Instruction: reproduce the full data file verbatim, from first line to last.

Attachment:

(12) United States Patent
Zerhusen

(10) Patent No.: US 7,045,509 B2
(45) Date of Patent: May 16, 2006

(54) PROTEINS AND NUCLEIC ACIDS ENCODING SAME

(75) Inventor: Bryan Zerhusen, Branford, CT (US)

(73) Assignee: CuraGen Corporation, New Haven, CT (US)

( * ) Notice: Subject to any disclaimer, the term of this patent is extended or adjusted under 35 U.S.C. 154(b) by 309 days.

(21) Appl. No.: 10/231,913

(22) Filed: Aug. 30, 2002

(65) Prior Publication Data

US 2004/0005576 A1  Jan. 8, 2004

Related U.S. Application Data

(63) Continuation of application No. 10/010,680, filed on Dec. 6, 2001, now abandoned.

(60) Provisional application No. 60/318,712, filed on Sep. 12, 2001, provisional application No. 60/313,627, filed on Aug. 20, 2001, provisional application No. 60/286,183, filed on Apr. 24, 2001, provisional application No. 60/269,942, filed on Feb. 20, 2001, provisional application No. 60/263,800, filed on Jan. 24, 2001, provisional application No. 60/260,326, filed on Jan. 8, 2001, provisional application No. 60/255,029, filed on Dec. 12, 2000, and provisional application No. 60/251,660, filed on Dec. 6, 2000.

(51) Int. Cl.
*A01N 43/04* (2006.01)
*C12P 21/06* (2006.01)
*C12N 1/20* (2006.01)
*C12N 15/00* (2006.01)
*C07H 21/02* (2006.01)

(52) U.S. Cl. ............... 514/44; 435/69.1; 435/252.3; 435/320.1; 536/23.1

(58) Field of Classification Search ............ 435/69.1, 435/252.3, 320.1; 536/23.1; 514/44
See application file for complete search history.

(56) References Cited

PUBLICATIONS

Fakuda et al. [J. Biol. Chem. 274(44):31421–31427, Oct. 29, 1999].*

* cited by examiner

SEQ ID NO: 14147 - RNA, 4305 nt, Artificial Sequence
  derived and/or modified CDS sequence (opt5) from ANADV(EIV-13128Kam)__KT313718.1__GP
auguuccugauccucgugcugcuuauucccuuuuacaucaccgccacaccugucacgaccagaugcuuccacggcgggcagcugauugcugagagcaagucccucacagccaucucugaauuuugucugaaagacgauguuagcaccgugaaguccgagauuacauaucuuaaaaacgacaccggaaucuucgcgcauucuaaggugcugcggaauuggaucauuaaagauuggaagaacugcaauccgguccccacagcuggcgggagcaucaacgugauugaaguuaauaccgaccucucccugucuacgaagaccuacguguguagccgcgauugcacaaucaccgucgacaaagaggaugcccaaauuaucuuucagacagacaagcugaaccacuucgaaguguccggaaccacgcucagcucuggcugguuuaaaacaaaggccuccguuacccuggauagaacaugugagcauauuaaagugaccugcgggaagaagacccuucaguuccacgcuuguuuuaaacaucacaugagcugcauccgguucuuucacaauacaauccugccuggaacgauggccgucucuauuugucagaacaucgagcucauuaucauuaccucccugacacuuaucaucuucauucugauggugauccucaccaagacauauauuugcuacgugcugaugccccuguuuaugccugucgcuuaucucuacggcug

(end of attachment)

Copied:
(12) United States Patent
Zerhusen

(10) Patent No.: US 7,045,509 B2
(45) Date of Patent: May 16, 2006

(54) PROTEINS AND NUCLEIC ACIDS ENCODING SAME

(75) Inventor: Bryan Zerhusen, Branford, CT (US)

(73) Assignee: CuraGen Corporation, New Haven, CT (US)

( * ) Notice: Subject to any disclaimer, the term of this patent is extended or adjusted under 35 U.S.C. 154(b) by 309 days.

(21) Appl. No.: 10/231,913

(22) Filed: Aug. 30, 2002

(65) Prior Publication Data

US 2004/0005576 A1  Jan. 8, 2004

Related U.S. Application Data

(63) Continuation of application No. 10/010,680, filed on Dec. 6, 2001, now abandoned.

(60) Provisional application No. 60/318,712, filed on Sep. 12, 2001, provisional application No. 60/313,627, filed on Aug. 20, 2001, provisional application No. 60/286,183, filed on Apr. 24, 2001, provisional application No. 60/269,942, filed on Feb. 20, 2001, provisional application No. 60/263,800, filed on Jan. 24, 2001, provisional application No. 60/260,326, filed on Jan. 8, 2001, provisional application No. 60/255,029, filed on Dec. 12, 2000, and provisional application No. 60/251,660, filed on Dec. 6, 2000.

(51) Int. Cl.
*A01N 43/04* (2006.01)
*C12P 21/06* (2006.01)
*C12N 1/20* (2006.01)
*C12N 15/00* (2006.01)
*C07H 21/02* (2006.01)

(52) U.S. Cl. ............... 514/44; 435/69.1; 435/252.3; 435/320.1; 536/23.1

(58) Field of Classification Search ............ 435/69.1, 435/252.3, 320.1; 536/23.1; 514/44
See application file for complete search history.

(56) References Cited

PUBLICATIONS

Fakuda et al. [J. Biol. Chem. 274(44):31421–31427, Oct. 29, 1999].*

* cited by examiner

SEQ ID NO: 14147 - RNA, 4305 nt, Artificial Sequence
  derived and/or modified CDS sequence (opt5) from ANADV(EIV-13128Kam)__KT313718.1__GP
auguuccugauccucgugcugcuuauucccuuuuacaucaccgccacaccugucacgaccagaugcuuccacggcgggcagcugauugcugagagcaagucccucacagccaucucugaauuuugucugaaagacgauguuagcaccgugaaguccgagauuacauaucuuaaaaacgacaccggaaucuucgcgcauucuaaggugcugcggaauuggaucauuaaagauuggaagaacugcaauccgguccccacagcuggcgggagcaucaacgugauugaaguuaauaccgaccucucccugucuacgaagaccuacguguguagccgcgauugcacaaucaccgucgacaaagaggaugcccaaauuaucuuucagacagacaagcugaaccacuucgaaguguccggaaccacgcucagcucuggcugguuuaaaacaaaggccuccguuacccuggauagaacaugugagcauauuaaagugaccugcgggaagaagacccuucaguuccacgcuuguuuuaaacaucacaugagcugcauccgguucuuucacaauacaauccugccuggaacgauggccgucucuauuugucagaacaucgagcucauuaucauuaccucccugacacuuaucaucuucauucugauggugauccucaccaagacauauauuugcuacgugcugaugccccuguuuaugccugucgcuuaucucuacggcug